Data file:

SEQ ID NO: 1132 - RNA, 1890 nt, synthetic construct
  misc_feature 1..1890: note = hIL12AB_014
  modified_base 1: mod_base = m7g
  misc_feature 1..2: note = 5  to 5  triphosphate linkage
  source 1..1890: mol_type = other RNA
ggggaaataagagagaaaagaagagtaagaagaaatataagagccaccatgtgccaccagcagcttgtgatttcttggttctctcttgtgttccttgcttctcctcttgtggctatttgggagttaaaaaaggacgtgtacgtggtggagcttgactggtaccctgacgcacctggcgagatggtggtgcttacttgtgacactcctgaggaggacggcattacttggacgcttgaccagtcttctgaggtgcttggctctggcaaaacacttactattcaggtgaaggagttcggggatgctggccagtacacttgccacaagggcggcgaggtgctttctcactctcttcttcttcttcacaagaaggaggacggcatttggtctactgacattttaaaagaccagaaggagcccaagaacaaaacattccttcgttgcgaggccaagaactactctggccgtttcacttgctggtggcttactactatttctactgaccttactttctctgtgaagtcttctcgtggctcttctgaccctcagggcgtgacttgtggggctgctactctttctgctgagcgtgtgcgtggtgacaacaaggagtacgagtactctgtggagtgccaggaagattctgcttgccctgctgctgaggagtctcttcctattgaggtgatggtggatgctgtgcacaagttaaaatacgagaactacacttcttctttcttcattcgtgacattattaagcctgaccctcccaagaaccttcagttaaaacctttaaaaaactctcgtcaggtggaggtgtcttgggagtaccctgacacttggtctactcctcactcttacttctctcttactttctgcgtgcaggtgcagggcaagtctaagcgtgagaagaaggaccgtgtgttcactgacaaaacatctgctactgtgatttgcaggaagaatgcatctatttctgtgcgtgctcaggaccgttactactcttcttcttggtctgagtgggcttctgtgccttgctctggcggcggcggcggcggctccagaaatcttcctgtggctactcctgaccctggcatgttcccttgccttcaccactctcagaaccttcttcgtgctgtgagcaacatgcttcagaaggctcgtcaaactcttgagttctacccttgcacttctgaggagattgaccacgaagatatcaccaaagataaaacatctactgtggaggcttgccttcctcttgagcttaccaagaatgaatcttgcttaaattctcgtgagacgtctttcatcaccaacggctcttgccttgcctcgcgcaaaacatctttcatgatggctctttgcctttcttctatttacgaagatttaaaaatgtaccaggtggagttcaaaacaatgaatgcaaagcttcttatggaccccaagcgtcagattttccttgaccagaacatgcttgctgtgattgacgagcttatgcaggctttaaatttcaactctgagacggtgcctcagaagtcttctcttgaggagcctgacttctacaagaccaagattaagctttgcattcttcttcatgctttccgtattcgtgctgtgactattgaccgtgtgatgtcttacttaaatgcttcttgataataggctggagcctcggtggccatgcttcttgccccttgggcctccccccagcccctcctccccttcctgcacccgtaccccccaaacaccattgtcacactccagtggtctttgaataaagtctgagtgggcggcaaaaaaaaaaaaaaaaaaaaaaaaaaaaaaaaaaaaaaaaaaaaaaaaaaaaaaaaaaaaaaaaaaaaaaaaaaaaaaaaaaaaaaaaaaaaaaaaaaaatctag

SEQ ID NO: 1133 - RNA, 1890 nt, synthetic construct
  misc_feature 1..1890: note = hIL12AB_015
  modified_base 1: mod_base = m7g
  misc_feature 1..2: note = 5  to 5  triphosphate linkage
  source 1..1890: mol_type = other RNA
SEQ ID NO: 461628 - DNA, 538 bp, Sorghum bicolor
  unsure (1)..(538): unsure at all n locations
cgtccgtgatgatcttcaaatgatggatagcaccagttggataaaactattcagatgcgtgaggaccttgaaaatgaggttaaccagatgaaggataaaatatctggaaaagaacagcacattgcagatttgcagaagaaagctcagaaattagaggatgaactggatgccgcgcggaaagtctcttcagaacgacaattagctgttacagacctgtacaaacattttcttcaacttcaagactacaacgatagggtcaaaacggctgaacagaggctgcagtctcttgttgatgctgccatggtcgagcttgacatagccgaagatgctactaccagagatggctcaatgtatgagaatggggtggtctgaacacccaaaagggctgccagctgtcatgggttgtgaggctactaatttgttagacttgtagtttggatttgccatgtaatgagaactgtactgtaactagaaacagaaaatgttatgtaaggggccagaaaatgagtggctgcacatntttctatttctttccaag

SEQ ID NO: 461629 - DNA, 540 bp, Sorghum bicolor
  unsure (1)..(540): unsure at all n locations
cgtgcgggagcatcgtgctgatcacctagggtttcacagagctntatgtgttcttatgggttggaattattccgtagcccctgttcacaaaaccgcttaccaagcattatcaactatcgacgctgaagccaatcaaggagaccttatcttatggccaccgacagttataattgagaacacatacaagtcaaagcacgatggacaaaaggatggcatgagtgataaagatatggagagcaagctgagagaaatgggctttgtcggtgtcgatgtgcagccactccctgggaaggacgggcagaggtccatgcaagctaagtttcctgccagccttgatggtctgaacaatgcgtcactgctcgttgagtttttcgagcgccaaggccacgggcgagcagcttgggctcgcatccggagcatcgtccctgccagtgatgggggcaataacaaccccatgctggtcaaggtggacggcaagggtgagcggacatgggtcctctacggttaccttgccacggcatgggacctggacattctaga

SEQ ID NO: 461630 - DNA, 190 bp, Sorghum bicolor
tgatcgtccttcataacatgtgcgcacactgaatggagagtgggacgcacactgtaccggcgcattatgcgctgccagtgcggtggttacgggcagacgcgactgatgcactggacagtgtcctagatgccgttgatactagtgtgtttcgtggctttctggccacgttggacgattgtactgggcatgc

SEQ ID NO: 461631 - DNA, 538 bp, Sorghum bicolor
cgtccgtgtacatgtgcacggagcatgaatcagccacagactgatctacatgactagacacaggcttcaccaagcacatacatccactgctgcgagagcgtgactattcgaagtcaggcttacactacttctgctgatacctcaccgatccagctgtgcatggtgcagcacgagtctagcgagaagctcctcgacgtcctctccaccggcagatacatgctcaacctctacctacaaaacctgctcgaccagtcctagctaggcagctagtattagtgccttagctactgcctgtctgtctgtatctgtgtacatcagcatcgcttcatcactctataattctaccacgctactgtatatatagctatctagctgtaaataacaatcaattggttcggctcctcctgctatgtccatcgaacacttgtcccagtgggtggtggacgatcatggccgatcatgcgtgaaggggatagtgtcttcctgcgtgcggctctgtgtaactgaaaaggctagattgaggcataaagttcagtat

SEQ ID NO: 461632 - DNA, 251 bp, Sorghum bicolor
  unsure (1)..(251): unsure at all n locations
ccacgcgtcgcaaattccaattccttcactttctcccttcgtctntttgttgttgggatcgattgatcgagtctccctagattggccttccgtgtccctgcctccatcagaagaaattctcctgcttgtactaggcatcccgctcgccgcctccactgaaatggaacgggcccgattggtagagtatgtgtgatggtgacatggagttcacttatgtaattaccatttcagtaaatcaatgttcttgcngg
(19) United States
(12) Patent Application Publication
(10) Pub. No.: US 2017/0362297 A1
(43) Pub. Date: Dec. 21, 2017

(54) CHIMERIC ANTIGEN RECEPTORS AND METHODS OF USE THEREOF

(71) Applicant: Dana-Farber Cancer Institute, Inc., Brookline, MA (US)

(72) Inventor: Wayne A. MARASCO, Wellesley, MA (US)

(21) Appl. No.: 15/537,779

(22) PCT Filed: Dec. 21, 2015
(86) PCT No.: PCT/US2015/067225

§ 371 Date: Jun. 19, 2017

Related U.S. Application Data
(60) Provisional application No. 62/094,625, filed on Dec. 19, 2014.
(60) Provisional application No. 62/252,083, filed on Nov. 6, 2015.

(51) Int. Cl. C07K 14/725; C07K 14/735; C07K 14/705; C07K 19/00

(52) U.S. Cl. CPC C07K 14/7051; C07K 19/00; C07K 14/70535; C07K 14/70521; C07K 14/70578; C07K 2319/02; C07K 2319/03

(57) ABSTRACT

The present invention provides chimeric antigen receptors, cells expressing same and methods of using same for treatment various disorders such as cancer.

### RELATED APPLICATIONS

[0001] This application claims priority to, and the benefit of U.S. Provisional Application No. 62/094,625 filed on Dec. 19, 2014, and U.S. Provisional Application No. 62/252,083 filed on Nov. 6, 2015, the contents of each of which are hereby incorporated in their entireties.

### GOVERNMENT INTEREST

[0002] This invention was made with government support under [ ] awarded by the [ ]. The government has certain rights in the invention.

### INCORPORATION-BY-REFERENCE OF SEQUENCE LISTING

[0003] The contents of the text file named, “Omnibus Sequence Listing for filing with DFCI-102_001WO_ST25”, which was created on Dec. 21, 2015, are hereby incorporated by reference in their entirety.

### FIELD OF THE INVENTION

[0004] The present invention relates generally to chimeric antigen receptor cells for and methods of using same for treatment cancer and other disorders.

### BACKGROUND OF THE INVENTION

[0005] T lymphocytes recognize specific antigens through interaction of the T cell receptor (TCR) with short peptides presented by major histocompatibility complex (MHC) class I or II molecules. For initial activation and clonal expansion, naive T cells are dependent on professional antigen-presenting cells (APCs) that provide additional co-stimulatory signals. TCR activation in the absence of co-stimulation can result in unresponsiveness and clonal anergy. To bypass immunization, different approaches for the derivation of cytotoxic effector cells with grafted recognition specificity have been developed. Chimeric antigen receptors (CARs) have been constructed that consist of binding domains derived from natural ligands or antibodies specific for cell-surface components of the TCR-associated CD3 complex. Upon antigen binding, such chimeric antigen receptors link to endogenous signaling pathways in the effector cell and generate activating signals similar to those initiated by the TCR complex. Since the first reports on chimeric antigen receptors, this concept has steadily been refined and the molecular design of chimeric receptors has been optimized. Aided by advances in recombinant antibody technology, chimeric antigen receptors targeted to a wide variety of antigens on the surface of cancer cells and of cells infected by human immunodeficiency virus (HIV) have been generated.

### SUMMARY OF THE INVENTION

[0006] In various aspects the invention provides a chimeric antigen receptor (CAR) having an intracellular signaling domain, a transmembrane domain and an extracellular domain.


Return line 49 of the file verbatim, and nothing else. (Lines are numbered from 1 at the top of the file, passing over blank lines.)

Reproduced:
### FIELD OF THE INVENTION